FAQs - ANPR

Can you tell me the locations of Automatic Number Plate Recognition (ANPR) cameras under the Freedom of Information Act?

In simple terms, no we cannot. The disclosure of the locations of our static ANPR cameras would have a serious negative impact on the proficiency with which Wiltshire Police carry out intelligence lead and operational policing. Revealing the locations of cameras weakens the systems utilised in the monitoring of criminal activity and specifically terrorist activity; this would place the security of the county and the country at an increased level of risk. ANPR is an invaluable tool and is used in conjunction with other tools to help uphold national security. The safety of the public is of paramount importance to the police and the impact of disclosure of camera locations, making the public better informed about the systems and its use, is not outweighed by the fact that disclosure would put the public at greater risk.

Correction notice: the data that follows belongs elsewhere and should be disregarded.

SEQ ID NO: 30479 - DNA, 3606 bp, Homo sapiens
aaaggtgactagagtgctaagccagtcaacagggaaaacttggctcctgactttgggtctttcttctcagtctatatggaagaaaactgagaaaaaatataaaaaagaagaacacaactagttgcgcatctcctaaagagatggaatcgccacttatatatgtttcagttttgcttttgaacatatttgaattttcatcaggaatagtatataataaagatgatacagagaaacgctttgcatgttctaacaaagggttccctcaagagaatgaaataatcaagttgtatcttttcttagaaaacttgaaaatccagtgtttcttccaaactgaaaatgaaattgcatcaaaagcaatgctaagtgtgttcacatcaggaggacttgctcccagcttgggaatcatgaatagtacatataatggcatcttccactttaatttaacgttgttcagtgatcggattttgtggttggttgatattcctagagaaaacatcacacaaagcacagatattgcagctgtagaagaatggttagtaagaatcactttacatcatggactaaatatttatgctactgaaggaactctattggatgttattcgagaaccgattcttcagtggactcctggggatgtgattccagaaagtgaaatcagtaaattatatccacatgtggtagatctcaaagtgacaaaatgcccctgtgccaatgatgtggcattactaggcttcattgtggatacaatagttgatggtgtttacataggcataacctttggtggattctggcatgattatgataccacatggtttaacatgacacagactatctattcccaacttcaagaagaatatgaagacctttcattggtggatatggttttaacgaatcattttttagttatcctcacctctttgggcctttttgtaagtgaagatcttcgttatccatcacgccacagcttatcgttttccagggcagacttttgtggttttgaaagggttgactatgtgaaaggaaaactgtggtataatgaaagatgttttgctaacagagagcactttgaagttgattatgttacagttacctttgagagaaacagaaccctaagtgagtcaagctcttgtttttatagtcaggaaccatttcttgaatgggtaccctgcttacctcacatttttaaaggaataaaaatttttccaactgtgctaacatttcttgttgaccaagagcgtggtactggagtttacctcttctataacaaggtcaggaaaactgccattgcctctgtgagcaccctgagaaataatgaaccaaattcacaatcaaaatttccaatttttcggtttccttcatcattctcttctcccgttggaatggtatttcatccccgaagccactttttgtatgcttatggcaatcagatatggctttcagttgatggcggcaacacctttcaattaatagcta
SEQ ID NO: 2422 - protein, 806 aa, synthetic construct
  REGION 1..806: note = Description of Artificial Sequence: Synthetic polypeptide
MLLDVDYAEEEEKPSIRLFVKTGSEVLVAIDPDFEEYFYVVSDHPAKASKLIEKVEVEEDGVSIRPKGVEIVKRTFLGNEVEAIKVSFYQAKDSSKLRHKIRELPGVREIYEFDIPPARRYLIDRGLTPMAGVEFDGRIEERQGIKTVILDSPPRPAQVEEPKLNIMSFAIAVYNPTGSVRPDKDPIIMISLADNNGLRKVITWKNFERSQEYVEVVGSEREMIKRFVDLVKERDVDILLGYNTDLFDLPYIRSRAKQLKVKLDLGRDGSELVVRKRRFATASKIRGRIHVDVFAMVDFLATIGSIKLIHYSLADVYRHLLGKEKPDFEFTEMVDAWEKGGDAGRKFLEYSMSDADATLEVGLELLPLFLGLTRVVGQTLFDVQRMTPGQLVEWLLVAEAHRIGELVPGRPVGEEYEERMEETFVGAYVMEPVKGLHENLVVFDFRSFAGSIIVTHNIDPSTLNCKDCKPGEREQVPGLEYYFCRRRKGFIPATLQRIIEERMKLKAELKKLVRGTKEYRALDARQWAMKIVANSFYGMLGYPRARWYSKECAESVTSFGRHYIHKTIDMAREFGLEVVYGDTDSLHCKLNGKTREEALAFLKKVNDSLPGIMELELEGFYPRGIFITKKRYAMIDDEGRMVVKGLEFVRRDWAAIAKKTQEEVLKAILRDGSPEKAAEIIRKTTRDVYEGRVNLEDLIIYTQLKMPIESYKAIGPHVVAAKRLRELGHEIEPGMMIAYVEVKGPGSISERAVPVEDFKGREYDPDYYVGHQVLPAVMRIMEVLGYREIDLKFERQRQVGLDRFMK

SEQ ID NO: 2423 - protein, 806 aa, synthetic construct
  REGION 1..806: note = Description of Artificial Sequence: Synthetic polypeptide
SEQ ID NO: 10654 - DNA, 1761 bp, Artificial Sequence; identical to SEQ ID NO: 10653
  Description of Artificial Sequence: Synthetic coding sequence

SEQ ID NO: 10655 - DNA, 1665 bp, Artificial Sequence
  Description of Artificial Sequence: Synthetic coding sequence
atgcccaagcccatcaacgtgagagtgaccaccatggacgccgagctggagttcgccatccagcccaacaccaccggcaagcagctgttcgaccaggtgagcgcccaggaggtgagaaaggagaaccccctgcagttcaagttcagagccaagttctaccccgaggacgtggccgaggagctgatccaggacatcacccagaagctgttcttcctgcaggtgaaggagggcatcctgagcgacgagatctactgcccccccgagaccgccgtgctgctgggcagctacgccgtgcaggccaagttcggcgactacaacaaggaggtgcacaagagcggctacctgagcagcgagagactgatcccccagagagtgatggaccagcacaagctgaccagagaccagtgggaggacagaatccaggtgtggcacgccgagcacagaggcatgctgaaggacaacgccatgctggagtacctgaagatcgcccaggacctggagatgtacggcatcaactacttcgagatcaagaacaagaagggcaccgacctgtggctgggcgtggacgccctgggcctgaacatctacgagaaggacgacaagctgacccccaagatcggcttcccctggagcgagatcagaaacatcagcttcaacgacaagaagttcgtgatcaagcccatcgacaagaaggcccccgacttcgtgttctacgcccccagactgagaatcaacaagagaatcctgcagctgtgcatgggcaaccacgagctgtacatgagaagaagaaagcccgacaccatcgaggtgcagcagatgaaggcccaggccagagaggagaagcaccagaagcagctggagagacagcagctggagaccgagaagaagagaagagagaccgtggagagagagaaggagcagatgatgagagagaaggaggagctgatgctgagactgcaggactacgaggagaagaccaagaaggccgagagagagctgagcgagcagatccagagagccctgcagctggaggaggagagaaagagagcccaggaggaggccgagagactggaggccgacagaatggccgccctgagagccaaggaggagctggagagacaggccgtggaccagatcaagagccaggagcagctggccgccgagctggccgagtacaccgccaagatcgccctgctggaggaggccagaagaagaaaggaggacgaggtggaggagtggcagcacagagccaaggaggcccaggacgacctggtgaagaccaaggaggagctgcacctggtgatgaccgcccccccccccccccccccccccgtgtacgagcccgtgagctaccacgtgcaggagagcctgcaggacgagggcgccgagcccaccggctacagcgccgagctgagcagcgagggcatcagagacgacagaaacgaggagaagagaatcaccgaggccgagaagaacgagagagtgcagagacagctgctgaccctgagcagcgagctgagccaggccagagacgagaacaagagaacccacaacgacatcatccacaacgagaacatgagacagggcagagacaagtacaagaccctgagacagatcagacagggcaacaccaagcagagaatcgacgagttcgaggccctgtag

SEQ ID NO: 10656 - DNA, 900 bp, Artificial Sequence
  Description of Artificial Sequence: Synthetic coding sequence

How many ANPR reads are recorded on average in Wiltshire?

Throughout 2015 there was an average of over 550,000 reads per day between fixed and mobile ANPR units.


How long is ANPR data stored for?

ANPR data is retained for a period of two years before it is deleted. Rules and procedures are in place to ensure compliance with the data access and audit requirements of the National ANPR Standards for Policing.


Is there a Code of Practice or National Standards that ANPR follows?

The Home Office has produced a  Code of Practice for Surveillance Cameras which covers ANPR cameras.

In addition there is the  National ANPR Standards for Policing (NASP).


Does ANPR infringe my Human Rights?

ANPR is utilised for the prevention of disorder or crime, in the interests of public safety or if there is a pressing social need. When weighing up the placement of static ANPR cameras, significant consideration was given to the Human Rights Act. Wiltshire Police have assessed the deployments of fixed ANPR cameras and determines that the locations they have been placed to be lawful and proportionate to the volume and type of crime and the privacy of individuals is not unduly compromised.

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